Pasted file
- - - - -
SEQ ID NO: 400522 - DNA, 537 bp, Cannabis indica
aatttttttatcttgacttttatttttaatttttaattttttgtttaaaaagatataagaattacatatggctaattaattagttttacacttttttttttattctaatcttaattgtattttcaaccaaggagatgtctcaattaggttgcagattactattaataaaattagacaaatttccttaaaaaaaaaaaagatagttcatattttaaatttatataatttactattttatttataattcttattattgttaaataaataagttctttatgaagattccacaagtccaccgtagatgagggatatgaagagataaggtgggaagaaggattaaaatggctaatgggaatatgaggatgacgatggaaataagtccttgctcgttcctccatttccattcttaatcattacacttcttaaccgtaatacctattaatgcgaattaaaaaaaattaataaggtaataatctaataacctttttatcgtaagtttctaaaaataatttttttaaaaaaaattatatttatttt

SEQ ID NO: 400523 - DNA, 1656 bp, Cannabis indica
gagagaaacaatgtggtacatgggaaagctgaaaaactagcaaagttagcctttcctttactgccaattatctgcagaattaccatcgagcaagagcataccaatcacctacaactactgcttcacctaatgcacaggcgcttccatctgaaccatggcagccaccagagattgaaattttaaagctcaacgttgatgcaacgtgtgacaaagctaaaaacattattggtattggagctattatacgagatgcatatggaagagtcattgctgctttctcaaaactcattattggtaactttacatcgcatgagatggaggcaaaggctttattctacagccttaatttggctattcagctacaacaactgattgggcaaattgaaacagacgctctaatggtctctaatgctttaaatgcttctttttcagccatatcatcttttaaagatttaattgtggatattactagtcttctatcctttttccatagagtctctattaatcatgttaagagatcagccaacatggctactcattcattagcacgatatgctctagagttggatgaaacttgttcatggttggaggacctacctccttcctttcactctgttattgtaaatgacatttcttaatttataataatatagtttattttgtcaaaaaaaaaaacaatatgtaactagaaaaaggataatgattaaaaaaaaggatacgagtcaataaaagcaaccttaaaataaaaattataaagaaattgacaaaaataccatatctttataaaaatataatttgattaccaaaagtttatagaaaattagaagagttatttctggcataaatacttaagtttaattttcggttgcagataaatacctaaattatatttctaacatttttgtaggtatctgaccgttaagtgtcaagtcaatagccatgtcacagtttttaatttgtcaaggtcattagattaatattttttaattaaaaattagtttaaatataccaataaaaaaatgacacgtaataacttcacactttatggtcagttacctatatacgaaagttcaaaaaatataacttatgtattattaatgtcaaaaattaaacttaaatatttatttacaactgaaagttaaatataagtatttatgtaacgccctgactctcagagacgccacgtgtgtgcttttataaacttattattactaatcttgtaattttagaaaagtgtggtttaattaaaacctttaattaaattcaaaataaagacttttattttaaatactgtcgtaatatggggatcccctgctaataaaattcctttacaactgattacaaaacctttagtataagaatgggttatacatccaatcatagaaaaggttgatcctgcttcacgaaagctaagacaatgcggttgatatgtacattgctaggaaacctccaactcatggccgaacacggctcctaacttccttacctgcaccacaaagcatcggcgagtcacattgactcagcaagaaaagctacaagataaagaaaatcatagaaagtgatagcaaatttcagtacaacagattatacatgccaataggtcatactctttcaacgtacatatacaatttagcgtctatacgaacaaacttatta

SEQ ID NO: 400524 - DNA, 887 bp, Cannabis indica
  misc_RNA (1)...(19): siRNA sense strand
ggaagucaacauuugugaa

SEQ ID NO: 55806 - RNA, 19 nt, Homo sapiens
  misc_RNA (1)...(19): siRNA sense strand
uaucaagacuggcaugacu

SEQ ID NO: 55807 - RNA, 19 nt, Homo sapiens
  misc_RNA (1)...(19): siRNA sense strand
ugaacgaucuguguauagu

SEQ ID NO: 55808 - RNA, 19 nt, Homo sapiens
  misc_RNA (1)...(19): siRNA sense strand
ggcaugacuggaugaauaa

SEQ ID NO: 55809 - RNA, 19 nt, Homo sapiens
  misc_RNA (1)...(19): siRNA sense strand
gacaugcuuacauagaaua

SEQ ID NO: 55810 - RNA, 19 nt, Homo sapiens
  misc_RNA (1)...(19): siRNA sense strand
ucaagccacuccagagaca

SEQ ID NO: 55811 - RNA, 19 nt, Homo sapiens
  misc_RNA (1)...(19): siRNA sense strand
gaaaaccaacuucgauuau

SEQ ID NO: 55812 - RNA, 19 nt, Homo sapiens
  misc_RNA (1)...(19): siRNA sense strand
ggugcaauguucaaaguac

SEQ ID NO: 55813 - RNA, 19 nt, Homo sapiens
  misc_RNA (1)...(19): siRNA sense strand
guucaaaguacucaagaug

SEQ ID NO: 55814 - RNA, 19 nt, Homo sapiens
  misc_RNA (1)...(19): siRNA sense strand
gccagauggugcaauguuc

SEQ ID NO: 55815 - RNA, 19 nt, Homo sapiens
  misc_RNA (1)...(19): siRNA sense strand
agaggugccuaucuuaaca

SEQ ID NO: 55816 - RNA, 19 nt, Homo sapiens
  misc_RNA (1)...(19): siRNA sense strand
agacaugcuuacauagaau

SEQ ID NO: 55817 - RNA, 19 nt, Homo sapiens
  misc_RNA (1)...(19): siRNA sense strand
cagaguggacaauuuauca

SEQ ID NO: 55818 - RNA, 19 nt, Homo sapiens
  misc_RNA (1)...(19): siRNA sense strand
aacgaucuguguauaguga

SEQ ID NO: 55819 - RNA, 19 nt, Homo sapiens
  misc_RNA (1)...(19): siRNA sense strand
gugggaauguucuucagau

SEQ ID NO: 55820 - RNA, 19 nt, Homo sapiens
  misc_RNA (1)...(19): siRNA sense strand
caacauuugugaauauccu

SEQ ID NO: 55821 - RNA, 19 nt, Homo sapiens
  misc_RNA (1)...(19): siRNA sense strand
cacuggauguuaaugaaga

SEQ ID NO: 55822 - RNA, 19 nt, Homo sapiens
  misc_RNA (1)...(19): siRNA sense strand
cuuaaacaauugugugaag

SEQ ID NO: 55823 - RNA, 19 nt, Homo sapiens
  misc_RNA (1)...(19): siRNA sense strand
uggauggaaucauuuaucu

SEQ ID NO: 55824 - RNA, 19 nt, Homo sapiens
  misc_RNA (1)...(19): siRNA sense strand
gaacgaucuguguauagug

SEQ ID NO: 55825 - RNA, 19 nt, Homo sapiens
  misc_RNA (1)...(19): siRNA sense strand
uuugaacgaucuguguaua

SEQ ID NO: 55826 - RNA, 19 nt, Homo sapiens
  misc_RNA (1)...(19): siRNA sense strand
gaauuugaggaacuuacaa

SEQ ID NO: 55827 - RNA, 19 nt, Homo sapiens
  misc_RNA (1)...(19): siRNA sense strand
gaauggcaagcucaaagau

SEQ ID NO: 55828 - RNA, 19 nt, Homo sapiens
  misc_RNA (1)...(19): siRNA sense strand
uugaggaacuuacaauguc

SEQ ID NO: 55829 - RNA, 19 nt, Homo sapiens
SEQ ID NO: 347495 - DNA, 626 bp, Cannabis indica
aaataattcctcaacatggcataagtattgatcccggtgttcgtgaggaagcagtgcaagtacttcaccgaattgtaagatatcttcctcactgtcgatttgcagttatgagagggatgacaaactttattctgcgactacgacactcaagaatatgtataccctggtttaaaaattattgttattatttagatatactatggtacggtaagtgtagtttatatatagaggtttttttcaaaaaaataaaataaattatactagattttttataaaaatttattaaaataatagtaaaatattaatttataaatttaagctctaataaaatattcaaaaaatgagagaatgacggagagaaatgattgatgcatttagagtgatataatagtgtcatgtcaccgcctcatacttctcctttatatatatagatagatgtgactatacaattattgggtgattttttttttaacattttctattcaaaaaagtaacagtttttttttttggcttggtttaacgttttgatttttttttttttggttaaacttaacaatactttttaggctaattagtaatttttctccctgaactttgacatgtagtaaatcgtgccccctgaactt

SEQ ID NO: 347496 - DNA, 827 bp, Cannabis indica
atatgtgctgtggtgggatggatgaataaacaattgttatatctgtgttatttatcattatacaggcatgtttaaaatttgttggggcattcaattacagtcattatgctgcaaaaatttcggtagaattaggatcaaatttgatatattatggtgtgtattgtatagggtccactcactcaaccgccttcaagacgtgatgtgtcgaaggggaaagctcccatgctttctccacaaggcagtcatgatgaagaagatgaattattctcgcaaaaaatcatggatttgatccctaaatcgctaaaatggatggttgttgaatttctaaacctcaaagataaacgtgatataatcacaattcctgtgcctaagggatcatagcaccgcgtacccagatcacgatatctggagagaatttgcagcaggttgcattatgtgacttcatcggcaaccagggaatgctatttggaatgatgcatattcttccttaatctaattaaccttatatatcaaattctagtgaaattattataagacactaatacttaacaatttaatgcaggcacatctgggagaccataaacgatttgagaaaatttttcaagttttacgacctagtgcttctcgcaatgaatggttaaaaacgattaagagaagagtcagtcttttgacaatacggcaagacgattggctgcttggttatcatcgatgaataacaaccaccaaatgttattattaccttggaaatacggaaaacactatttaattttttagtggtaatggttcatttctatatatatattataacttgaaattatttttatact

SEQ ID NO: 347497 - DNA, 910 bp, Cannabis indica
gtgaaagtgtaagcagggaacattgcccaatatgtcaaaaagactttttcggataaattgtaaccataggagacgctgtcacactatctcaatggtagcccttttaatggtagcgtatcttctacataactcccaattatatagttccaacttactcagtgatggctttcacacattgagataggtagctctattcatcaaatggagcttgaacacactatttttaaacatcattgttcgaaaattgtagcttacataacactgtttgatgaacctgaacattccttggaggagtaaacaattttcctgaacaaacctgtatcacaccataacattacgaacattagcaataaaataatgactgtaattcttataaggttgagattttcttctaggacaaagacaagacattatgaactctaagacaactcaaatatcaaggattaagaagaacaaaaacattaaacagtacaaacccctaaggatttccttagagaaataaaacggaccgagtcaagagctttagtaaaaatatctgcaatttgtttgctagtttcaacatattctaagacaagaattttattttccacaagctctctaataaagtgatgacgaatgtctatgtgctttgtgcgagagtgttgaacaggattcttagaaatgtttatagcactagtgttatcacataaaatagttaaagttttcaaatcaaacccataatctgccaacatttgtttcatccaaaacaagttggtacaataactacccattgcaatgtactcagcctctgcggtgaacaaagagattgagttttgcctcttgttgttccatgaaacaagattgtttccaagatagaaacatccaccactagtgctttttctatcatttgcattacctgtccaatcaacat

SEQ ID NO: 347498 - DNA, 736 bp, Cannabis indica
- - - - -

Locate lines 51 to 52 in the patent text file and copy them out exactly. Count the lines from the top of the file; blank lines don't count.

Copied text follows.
  misc_RNA (1)...(19): siRNA sense strand
caacauuugugaauauccu